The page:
If there is another real estate crash, it's people like me - people who pay their mortgages - who might be the biggest losers.
Looking at the chart, it's easy to see the eye of the storm. The second half of the storm is about to hit.
The leading edge of the storm was the subprime mortgage defaults, the storm that hit in 2007. The trailing edge of the storm will be the defaults of people who are solid citizens, people who have good jobs and good credit.
How severe the second front of the storm will be is yet to be seen. If there are more people like the waiter and cooks in the Italian restaurant and the highly paid doctors who don't want to pay for a house that is going down in value, the second half of the storm will be very severe.
The good news is that the Fed and banks are hard at work trying to keep borrowers in place. The Fed and local banks have dropped interest rates, enticing people like me to borrow, borrow, and borrow some more, which I'm happy to do.
Thanks to my latest refinances, my wife and I will save over $7,000 a month in monthly mortgage payments - that's $84,000 a year savings. And as far as our rental apartments go, refinancing and saving 2 percent per year on over $100,000,000 in debt is substantial. Even better, since so many people are renting, our apartments are operating at near 97 percent occupancy, even when rents increase.
The bad news is that inflation is likely to rise. This will make life even harder for the poor and the middle class. Every time the Fed implements "quantitative easing," a.k.a. printing more money, two things go up: taxes and inflation. When taxes and inflation go up, more jobs are lost.
Making the situation even worse is President Obama's Healthcare Reform Bill. In my heart, I understand why he put so much of his term in office to push this bill through. I have relatives who have no healthcare. So for them, the healthcare bill may be a godsend. But for millions of others this bill is their ticket to the unemployment line. The added cost of healthcare is forcing companies to lay off workers.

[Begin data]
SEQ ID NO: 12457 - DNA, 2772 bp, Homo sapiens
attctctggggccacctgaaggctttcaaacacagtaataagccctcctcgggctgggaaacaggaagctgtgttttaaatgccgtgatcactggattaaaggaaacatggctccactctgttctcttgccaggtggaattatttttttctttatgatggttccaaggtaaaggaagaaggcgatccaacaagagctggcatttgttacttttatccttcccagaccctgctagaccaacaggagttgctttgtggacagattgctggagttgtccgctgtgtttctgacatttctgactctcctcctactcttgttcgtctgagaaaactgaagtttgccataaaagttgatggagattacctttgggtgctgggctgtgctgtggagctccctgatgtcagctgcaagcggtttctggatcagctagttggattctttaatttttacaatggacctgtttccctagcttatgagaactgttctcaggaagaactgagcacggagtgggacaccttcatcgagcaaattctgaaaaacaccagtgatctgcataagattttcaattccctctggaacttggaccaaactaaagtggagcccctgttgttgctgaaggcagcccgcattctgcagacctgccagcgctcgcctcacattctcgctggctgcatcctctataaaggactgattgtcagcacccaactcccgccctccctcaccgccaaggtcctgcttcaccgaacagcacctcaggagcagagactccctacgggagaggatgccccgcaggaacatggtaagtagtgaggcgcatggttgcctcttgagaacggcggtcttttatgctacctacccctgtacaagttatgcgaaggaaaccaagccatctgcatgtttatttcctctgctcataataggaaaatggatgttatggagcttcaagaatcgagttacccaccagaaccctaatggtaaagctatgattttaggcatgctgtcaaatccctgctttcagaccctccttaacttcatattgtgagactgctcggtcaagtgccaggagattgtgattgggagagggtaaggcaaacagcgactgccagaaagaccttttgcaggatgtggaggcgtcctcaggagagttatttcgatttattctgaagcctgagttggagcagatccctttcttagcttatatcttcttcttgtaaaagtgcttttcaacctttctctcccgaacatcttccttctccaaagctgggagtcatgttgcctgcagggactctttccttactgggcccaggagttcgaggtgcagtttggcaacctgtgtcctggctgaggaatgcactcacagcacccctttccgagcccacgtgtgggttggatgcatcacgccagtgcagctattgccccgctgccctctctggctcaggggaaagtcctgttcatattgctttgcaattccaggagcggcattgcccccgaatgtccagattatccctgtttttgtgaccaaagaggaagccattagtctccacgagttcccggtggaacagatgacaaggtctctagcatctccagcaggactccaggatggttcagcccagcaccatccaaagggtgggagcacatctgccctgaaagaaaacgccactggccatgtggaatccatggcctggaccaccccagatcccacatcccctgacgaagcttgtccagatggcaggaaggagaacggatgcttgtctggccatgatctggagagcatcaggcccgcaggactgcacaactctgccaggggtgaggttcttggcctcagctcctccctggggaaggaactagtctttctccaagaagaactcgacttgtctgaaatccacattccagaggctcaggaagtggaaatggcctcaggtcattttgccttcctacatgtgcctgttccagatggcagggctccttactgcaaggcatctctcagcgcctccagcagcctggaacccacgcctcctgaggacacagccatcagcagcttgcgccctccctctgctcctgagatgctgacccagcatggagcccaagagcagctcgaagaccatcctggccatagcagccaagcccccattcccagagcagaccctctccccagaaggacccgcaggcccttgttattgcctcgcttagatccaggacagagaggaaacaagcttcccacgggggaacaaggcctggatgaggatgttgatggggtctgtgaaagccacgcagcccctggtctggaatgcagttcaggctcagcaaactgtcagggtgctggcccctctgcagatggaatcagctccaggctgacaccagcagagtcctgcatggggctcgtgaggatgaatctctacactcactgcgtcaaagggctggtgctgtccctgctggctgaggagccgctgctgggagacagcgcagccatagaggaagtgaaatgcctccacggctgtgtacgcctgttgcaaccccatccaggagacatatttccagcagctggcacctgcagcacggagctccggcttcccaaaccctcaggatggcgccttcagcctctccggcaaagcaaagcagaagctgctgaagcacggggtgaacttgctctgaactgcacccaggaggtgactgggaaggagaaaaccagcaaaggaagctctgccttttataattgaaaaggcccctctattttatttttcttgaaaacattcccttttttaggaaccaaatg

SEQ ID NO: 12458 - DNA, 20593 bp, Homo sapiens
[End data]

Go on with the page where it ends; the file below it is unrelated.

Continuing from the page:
With Medicare set to go bust in 2019, I wonder how our leaders could pass another program we can't afford.
So is the recession really over?
For some, the recession has been like Hurricane Katrina. They've lost everything in the storm but now the levies are about to break and the flooding will begin. For others, the recession never started. The reality is, unfortunately, that it's far from over.
What advice do I have?
Over the years, my advice hasn't changed.
In 1997, in Rich Dad, Poor Dad, I stated, "Your home is not an asset." Real estate agents sent me hate mail.
In 2007 the first subprime mortgages began to collapse. In 2011, the second wave is about to hit.
In 2002 in Rich Dad's Prophecy, I stated, "You may have up to the year 2010 to become prepared."
In 2006 Donald Trump and I wrote Why We Want You to Be Rich, predicting the decline of the middle class. Today the working middle class is slipping into poverty.
For years, I've been an advocate for financial education in our schools, and I've preached that, as individuals, we must take financial education seriously. Today, my advice remains the same. Until we have comprehensive financial education, we'll never see the end of our booms and busts.